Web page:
Okumizuma Onsen

is a hot spring resort area sometimes called the “Retreat of Senshu.”

Enjoy a Secluded Stay in Nature at Okumizuma Onsen

In the foothills of Mt. Katsuragi, straddling the border with Wakayama Prefecture, lies Okumizuma Onsen, a hot spring resort area sometimes called the “Retreat of Senshu.” In addition to seasonal scenery like spring cherry blossom and fall leaves, visitors can experience a soak in a hot spring deep in the mountains. Perfect for a day visit, guests who stay the night will enjoy Japanese hospitality and luxurious accommodations that are sure to leave a lasting impression.

The Story of Okumizuma Onsen

Okumizuma Onsen is called the “Retreat of Senshu.”

The origins date back to 1953, where the location of the Okumizuma Onsen was just a field for crops deep in the mountains. The landowner, Mr. Okuno, was tending to his land during the winter and he spotted children playing in the rivers located next to nearby rice fields. He called out to them, asking the children whether they were cold, but they responded that they were quite warm playing in the waters during the winter months. He decided to investigate and indeed, the water was quite warm. A quality inspection revealed that natural hot spring water was bubbling through into the river.


Mr. Okuno decided to dig into his land and create a hot spring, but it was not initially used for tourism purposes. He originally created the onsen as a recreational center for retired soldiers, as well as the sick and injured. It was believed that the hot spring water infused into the river has healing properties, and was used by soldiers wounded in the Battle of Sekigahara—a decisive battle that would mark the end of decades of civil strife—in 1600.


Around 1955, the onsen was converted into a resort for tourism purposes. In subsequent years, it changed hands several times, and came to be called Okumizuma Onsen. After the Great Hanshin-Awaji Earthquake in 1995, the main building and the annex underwent a major renovation. They remain unchanged to this day.

Enjoy Outdoor Baths

Gaze upon a peaceful mountain stream in an outdoor bath.

At Okumizuma Onsen, the baths contain natural hot spring water pumped up from the ground below. The water itself is given the nickname Bijin-no-Yu, which literally means “spring of beauty,” because it is believed to provide beautifying effects on the skin of whoever bathes in the water. This is said to be a result of high concentrations of natural sodium found in the hot spring water. It is also believed to soothe ailments, such as recovery from fatigue, circulation problems, and chronic skin diseases.


The baths are separated by gender (and change depending on the day), and both include an indoor large public bath and an open-air bath overlooking the mountain stream. Guests who stay at the resort accommodation have unlimited access during its open hours as part of their stay. Visitors can visit the onsen for day-use if they wish. It is ¥1,100 per person for adults, and ¥660 for children up to 12 years old. Day-use of the baths is only available on weekdays. Shampoo, conditioner, and body soap are available at the baths. Lockers and various amenities are also available.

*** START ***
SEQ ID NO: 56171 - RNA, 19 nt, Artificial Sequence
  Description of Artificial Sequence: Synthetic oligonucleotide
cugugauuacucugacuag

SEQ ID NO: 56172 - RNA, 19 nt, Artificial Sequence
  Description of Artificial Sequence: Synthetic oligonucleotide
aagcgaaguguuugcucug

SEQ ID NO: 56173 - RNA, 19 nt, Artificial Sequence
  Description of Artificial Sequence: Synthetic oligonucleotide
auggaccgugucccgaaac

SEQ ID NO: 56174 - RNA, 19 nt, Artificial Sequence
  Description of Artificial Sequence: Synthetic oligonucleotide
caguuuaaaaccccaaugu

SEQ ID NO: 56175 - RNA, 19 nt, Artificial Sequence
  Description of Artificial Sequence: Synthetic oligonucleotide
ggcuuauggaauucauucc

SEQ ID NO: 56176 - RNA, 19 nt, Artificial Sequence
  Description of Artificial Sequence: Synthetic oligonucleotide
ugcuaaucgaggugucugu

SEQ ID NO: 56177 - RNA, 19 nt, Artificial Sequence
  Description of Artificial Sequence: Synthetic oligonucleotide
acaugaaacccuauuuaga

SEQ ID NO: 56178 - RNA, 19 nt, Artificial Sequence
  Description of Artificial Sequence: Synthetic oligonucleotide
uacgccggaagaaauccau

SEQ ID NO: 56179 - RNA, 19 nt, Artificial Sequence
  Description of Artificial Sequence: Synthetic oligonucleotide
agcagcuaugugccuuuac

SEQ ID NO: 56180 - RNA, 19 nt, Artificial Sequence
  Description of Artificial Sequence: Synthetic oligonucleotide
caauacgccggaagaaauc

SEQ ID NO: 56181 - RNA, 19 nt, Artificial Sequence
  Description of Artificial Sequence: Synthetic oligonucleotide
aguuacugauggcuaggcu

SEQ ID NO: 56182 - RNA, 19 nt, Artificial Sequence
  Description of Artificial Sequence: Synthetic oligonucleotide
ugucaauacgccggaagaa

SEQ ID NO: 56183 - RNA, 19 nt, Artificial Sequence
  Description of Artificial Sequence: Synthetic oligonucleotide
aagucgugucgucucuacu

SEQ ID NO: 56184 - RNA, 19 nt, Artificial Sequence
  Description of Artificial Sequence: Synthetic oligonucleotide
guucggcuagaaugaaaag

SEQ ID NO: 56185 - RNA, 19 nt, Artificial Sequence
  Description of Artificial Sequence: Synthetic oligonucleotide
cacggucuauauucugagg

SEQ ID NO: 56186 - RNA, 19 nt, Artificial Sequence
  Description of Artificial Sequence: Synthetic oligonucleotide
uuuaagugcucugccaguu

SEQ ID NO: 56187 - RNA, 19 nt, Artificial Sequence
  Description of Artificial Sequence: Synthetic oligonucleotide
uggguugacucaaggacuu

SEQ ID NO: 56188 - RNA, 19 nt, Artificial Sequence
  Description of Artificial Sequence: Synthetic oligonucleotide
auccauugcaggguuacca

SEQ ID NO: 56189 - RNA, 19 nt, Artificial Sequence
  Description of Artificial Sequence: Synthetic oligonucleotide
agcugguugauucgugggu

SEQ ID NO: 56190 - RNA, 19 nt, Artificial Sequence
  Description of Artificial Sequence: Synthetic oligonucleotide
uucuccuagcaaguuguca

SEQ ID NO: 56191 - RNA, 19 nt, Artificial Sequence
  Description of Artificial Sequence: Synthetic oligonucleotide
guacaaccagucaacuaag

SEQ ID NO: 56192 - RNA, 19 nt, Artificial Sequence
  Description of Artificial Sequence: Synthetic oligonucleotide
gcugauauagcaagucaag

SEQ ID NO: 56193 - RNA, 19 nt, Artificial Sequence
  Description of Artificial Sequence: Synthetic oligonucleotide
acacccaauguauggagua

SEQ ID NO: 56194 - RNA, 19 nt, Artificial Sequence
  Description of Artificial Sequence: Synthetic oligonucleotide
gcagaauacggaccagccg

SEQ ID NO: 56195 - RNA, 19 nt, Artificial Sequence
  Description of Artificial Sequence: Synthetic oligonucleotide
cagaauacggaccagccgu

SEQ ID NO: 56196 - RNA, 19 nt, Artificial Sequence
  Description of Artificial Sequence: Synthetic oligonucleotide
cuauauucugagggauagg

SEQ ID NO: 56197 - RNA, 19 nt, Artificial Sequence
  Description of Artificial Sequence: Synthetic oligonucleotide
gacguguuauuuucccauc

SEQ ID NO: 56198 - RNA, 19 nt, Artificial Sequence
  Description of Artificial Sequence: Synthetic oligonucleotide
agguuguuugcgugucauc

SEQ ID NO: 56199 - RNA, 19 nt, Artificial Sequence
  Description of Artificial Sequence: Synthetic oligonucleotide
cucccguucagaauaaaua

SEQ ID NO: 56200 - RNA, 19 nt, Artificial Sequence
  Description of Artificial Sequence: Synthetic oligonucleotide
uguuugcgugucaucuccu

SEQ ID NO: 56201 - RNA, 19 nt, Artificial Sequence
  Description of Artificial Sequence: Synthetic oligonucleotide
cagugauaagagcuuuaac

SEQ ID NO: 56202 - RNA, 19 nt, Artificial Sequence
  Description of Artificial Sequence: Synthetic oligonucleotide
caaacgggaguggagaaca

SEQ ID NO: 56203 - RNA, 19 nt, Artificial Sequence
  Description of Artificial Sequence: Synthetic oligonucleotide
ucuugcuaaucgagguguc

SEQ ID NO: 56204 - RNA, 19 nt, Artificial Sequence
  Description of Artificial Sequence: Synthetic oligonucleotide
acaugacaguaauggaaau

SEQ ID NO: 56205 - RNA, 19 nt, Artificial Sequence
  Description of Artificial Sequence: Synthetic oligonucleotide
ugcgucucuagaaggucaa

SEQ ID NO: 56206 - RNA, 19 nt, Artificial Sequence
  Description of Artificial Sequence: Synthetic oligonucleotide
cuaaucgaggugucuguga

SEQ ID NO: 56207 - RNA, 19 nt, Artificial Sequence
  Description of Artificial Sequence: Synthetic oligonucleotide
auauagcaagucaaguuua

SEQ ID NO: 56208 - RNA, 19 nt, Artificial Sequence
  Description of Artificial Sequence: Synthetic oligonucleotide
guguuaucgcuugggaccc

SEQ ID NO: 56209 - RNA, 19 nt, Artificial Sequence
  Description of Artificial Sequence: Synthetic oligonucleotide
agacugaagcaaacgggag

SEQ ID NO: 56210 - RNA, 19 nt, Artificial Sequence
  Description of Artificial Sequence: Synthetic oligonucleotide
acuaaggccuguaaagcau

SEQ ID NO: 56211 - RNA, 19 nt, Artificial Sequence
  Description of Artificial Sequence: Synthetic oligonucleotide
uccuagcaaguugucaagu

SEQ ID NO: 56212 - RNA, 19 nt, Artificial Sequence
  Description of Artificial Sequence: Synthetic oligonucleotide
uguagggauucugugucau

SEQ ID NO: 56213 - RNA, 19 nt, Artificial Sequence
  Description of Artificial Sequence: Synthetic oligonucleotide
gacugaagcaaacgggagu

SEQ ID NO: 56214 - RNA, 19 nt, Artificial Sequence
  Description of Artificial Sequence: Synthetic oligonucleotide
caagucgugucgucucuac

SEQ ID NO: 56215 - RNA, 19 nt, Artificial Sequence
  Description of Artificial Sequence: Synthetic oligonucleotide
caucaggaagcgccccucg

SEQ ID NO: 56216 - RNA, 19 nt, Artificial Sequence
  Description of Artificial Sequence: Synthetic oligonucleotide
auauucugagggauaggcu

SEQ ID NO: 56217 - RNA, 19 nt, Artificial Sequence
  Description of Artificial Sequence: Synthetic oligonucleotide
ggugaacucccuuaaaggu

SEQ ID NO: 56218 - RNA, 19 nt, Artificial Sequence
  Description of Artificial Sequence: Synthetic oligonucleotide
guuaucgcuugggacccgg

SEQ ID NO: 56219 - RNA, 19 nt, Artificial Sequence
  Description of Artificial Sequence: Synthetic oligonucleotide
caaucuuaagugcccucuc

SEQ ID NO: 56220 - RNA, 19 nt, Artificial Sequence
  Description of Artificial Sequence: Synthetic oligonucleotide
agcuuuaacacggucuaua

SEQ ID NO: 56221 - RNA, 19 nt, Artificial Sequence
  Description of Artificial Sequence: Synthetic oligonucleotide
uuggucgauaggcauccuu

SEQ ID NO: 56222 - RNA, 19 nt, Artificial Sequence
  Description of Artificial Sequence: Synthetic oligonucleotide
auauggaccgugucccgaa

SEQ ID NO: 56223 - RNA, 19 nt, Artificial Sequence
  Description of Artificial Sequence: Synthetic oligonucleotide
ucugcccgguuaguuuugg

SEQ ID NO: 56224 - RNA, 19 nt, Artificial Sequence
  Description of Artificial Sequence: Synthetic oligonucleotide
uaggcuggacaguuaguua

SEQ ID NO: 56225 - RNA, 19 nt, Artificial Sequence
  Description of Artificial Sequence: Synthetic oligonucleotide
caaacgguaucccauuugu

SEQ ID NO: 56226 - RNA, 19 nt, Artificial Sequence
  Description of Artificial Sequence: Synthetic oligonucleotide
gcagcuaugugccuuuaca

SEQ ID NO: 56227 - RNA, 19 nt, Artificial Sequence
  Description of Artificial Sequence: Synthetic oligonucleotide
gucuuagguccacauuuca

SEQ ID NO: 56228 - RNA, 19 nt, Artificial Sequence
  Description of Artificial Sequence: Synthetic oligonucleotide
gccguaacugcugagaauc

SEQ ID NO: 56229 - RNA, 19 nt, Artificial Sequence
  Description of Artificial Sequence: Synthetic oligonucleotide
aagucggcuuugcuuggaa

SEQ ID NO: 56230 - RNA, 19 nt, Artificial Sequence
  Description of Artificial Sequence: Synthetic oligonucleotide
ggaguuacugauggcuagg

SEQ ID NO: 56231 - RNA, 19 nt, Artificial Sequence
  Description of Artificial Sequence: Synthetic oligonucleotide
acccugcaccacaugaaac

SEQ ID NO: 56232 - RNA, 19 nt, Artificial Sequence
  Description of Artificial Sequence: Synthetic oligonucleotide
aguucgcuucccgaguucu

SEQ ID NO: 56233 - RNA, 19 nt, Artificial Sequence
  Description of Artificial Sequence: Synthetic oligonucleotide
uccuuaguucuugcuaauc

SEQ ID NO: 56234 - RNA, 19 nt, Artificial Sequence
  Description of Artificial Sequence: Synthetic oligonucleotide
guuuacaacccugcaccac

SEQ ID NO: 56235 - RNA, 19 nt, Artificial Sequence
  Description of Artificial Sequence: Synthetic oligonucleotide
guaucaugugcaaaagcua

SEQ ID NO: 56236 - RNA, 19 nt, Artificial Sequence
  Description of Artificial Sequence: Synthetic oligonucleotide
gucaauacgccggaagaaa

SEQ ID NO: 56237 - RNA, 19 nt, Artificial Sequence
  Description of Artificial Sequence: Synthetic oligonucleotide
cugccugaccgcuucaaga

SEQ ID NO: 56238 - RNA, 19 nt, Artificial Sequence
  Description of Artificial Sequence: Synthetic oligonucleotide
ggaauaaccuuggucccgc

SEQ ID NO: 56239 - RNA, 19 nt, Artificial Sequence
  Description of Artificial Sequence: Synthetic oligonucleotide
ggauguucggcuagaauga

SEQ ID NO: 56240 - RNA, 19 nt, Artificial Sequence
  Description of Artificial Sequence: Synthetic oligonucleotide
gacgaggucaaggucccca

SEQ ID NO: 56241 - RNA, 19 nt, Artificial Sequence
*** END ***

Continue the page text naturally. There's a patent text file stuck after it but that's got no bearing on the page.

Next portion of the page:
Stay the Night

Enjoy traditional Japanese-style rooms and a private Japanese garden complete with modern bathroom facilities.

The majority of the rooms at Okumizuma Onsen are laid out in a traditional format with tatami mat flooring. Futon are provided as bedding, but there is one room on the first floor with western-style beds. Bathing and showering facilities are shared by use of the onsen, and one room has a private open-air bath attached to it. The majority of the rooms overlook the mountains and the river passing by, and some overlook the garden in front of the building.

Enjoy mouth-watering, seasonal kaiseki meals.

Japanese kaiseki meals are offered to guests who have dinner included in their stay. This typically consists of a number of small dishes such as fresh sashimi, tempura, crab, a range of Senshu vegetables, and protein such as wagyu beef or local boar. Ingredients will depend on the season to ensure that the freshest food is served to the guests. Large groups can have their dinner in the party rooms, but small groups will be served dinner in their rooms.

Surrounding Sightseeing Spots

Mizumadera has a spiritual atmosphere.

There are plenty of exciting Senshu highlights to see near Okumizuma Onsen. One of the most famous sightseeing spots nearby is the Mizumadera, a temple which is home to a statue of the holy Kannon—the Buddhist deity of mercy who is also said to ward off natural disasters. It is a large temple complex with a history dating back to 744. Aizendo Temple, located just next to Mizuma Temple, is considered to be a lover’s sanctuary, where people go to make their marriage vows. There are also several nearby hiking routes to enjoy.


It is recommended that guests visit Okumizuma Onsen by rental car, especially there is a large parking space available on-site. For those arriving by public transport, alight at Mizuma-Kannon Station, served by the Mizuma Tetsudo Railways. From here, take the Harmony Community Bus (Yellow Line) to Okumizuma Onsen. Bus services are infrequent.


For Senshu tourist information inquiries, please contact the Senshu Japan Concierge Team.

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